The competition for a caliphate has more contestants than just Iran, including ISIS, of course, as well as Turkey, and the Muslim Brotherhood. As the US withdraws, Russia is taking its place as the non-Arab power player in the Middle East. The chill in US-Russia relations has left President Putin free to defy Washington. Without predictable US-support, our allies may have only one direction to turn as Russia capitalizes on every USA misstep in the region.

The emerging alliance between Putin and Turkey’s Erdogan has evolved in perfect Kissingerian fashion; sovereign relationships can be as ephemeral as their counterparties’ interests. And now that Russia and Turkey seem to have a growing relationship, a counterbalancing alignment needs to be crafted between the GCC and the Arab nations.

The Kingdom of Saudi Arabia has been our longest and strongest ally and, to many Westerners’ amazement, it is impossible for the US to move against any hostile Islamic group anywhere in the world without Saudi support. Almost two billion Muslims look to Mecca and Medina as their spiritual heartland and challenging any faction of Islam without the support of its guardian, Saudi Arabia, would be foolhardy.

The Saudis are reliable defenders of the West’s diverse interests in the region, and have been America’s principal ally in the Middle East for more than seventy years. The confused notion that Saudi Arabia is synonymous with radical Islam is falsely based on the Western notion that “one size fits all.” Fundamentalists supporting the Islamic State in the Kingdom violate the rule of law at home, and the Saudis’ strong efforts to prevent the export of terrorism. Saudi senior leaders desire good relations with the West and see the Islamic State and Jihadist terrorism as threatening to their very rule. Through the safeguarding of the Holy Cities of Mecca and Medina, which remain open to tens of millions of foreign visitors and differing Islamic beliefs, the Kingdom has a unique window into the actions and motivations of radical fundamentalists who pass in and out of those always accessible cities. By sharing that intelligence, the Saudis greatly enhance America’s security.

Like it or not, the military option most unpopular with America’s voters and politicians may be its best. Bashar Assad may well be our only hope in fighting the various terrorist factions that are attempting to form an ISIS state. If America agrees that putting boots on the ground would be impractical and ineffective, then a self-governed “Syria State” must be the entity that reaches settlements with the various factions that are causing the mass migration of thousands of Syrians to Europe, the USA and elsewhere. The only solution is one that works with Russia and not against them. Our vacuum forced that hand, because we are no longer the lonesome superpower shaping Middle East foreign policy.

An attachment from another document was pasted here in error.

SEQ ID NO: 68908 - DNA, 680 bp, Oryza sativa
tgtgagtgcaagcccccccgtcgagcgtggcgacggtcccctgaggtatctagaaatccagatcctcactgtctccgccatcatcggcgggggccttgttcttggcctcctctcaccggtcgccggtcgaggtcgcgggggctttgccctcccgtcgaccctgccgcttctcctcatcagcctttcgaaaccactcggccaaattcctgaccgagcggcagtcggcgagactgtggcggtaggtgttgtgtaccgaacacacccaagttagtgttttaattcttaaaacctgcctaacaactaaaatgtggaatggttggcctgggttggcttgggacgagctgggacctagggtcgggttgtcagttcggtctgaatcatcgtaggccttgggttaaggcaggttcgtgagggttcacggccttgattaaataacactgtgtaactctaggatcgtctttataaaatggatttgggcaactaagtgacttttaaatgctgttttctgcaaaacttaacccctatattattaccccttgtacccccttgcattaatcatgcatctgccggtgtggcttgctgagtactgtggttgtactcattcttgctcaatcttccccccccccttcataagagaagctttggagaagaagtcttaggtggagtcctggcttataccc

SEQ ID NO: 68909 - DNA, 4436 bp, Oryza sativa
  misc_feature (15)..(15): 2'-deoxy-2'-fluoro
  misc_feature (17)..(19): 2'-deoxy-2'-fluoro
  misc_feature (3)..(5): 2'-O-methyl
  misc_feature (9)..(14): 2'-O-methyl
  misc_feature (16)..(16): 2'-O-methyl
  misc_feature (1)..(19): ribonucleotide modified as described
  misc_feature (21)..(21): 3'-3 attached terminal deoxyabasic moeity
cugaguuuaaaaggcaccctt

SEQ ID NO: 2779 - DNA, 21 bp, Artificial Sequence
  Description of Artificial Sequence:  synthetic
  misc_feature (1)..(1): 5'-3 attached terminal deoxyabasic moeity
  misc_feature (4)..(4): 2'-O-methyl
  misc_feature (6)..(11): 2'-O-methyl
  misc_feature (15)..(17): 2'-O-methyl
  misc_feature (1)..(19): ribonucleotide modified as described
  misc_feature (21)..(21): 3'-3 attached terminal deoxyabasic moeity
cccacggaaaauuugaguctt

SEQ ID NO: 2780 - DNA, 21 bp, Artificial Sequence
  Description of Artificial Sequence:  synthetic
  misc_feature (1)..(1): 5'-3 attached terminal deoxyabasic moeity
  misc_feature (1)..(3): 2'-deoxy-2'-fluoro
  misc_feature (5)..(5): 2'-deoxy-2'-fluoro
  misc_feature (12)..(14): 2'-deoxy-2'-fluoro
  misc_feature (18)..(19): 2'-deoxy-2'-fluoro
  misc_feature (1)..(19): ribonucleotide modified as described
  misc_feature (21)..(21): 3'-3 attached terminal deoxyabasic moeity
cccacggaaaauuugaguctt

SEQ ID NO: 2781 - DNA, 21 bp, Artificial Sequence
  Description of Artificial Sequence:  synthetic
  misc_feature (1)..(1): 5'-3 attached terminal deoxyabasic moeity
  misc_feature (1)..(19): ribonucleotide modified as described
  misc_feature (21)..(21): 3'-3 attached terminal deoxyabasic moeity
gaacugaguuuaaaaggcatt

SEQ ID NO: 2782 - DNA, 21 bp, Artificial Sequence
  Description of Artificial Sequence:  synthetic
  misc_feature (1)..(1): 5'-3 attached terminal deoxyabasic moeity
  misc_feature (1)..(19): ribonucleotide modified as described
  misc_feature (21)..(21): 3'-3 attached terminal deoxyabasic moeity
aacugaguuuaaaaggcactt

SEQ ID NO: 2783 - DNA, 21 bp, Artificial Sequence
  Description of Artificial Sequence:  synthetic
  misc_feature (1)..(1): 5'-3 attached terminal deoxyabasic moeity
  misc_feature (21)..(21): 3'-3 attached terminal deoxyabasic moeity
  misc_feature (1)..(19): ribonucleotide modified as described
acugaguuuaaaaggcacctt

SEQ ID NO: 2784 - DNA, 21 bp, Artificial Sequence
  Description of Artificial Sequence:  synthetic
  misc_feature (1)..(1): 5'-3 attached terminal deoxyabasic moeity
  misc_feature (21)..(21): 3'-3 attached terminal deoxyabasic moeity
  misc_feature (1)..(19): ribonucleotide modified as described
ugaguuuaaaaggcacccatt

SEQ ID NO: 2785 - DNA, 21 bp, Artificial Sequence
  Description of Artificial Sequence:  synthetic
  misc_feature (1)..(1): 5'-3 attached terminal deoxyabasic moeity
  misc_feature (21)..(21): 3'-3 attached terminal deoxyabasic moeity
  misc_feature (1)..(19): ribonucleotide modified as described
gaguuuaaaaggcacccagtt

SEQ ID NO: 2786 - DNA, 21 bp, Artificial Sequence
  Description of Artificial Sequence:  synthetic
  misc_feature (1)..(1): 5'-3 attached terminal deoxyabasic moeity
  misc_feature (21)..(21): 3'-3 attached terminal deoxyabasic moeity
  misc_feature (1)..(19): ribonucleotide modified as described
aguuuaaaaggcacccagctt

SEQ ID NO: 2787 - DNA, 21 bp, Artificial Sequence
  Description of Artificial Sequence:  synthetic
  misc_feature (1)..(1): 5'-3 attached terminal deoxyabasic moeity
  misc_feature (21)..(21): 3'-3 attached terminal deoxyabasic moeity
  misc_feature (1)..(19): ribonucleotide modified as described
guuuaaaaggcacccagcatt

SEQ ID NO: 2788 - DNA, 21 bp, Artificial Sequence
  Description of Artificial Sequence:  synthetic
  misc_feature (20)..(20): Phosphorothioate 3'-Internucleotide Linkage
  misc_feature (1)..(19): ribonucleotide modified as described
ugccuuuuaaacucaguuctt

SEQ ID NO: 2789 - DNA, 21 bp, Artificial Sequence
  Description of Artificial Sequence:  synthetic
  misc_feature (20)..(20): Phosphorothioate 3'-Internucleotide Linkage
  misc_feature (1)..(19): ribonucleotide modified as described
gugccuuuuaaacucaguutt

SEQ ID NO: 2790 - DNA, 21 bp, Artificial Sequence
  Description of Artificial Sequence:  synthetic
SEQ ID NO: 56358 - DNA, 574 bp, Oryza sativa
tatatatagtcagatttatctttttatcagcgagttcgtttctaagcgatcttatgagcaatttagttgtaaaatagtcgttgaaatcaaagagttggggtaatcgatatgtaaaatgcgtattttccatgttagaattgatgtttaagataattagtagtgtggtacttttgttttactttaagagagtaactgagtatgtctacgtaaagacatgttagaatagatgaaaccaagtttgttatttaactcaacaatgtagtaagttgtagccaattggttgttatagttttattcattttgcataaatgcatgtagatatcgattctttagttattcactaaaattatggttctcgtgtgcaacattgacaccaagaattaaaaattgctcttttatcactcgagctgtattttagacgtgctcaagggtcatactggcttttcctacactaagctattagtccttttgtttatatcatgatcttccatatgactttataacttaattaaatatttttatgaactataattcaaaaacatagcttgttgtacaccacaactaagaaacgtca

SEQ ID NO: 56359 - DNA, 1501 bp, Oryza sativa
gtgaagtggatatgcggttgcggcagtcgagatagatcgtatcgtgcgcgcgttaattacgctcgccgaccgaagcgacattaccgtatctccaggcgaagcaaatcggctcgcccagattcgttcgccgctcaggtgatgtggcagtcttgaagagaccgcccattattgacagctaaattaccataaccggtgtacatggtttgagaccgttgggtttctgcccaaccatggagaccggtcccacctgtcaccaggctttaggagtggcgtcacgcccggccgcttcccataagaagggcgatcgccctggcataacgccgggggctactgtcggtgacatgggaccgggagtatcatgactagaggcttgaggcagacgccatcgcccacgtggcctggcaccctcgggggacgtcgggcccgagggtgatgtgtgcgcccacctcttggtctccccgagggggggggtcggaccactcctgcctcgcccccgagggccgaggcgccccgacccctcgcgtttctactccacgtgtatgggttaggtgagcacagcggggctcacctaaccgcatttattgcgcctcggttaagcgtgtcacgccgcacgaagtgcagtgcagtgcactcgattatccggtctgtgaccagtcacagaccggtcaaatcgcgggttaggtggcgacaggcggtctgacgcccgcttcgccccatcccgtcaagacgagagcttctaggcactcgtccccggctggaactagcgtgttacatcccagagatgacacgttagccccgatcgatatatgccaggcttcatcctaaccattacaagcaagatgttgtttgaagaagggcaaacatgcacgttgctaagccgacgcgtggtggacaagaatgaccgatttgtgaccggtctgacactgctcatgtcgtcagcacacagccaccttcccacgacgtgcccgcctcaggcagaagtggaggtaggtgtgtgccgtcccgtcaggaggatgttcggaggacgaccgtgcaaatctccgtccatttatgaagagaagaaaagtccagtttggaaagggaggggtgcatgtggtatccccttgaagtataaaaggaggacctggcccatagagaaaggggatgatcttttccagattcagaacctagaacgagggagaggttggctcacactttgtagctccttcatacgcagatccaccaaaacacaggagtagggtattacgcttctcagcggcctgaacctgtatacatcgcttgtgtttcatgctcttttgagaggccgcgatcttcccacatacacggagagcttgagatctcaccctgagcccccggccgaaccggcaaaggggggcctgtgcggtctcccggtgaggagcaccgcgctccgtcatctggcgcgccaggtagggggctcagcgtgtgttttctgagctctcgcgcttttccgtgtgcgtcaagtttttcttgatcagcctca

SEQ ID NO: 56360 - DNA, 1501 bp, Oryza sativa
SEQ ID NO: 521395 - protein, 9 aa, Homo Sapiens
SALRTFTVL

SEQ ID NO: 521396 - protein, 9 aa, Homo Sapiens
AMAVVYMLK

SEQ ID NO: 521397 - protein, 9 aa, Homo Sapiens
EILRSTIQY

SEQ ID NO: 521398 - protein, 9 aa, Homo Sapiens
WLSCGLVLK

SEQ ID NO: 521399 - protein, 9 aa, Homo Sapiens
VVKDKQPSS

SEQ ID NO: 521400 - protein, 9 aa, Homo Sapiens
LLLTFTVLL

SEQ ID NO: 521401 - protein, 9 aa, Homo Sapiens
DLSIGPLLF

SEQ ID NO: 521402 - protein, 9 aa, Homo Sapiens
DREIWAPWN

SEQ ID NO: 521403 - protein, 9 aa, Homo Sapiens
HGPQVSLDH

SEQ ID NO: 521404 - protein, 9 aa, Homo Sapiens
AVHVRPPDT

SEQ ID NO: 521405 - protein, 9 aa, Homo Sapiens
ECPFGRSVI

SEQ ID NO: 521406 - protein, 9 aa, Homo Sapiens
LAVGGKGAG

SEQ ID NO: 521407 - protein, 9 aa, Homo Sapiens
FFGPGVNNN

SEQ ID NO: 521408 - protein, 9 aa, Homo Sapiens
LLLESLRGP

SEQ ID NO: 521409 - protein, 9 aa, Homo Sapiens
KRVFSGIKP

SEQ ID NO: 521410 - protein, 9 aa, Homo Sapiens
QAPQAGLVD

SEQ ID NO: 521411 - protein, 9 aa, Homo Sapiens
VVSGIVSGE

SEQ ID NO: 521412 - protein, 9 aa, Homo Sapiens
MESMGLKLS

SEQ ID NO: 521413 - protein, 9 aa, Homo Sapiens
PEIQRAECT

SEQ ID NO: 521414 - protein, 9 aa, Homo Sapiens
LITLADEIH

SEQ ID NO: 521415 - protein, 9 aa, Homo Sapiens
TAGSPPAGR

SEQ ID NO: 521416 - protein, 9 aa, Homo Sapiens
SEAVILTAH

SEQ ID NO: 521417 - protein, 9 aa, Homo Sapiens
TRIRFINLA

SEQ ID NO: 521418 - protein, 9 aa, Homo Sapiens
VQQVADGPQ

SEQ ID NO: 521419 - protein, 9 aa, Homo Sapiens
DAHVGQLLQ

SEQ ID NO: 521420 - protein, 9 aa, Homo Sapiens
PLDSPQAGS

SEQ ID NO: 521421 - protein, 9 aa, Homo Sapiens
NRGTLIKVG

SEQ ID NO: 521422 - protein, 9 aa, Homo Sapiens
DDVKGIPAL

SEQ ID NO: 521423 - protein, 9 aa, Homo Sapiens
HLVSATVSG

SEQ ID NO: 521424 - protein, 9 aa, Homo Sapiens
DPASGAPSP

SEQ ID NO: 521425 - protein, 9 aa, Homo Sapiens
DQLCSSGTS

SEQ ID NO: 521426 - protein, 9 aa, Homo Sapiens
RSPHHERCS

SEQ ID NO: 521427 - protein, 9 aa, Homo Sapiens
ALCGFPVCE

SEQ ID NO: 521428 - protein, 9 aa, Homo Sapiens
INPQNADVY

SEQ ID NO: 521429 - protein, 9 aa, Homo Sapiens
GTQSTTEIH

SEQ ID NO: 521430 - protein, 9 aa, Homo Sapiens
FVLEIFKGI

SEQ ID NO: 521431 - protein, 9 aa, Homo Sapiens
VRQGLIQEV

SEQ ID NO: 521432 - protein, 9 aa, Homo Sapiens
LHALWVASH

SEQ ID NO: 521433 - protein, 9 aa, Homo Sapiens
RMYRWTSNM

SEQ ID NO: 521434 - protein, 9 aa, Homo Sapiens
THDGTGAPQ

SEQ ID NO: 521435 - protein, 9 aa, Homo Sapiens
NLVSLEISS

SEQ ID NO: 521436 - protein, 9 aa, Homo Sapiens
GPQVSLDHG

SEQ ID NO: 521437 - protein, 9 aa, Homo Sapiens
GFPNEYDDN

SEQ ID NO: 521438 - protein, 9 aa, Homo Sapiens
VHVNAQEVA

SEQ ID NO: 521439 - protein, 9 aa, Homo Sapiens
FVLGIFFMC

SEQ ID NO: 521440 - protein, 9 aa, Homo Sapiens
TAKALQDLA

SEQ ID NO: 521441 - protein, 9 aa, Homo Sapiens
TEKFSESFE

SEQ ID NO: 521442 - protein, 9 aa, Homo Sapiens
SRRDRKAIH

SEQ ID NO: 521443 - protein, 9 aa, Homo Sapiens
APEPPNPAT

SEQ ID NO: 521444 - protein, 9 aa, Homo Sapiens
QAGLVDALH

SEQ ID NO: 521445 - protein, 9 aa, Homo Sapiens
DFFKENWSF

When the USA had a narrow set of interests during the Cold War era, acting prudently in favor of well-defined and communicated objectives, its actions were more effective. But as the objectives changed, and America attempted to democratize autocracies, the broadening of goals led to a corresponding weakening of results. A clear direction in the Middle East is imperative, not just to enhance Middle Eastern nation-state interests, but to protect US interests at home, as well as abroad.

America’s nation-building exercise of the past twenty years was founded on self-contradictions that have tarnished US foreign credibility. The geopolitical framework for that policy has been “embrace and abandon,” a formula that has caused frustration, confusion and concern to America’s allies in the region and displaced many millions of young refugees.

As America rethinks its interests in the Middle East, its primary concern is the elimination of domestic terrorism. The path forward replaces fear with hope and poverty with prosperity. Once security in the Middle East is attained, including a negotiated peace between the Israelis and the Palestinians, the USA must respond with an “end-state” perspective to draw a comprehensive solution similar to the Marshall Plan. Going from promoting then dumping dictators to drawing a new manifesto for economic rebirth would mean that finally, the America is finally doing right in teeming, oil-rich desert lands where it did wrong for decades.

Thomas J. Barrack Jr. is an international private equity investor and the founder and executive chairman of Colony Capital. He is also foreign policy and economic advisor to GOP U.S. Presidential candidate Donald Trump. The views expressed in this article are his own and do not reflect the campaign.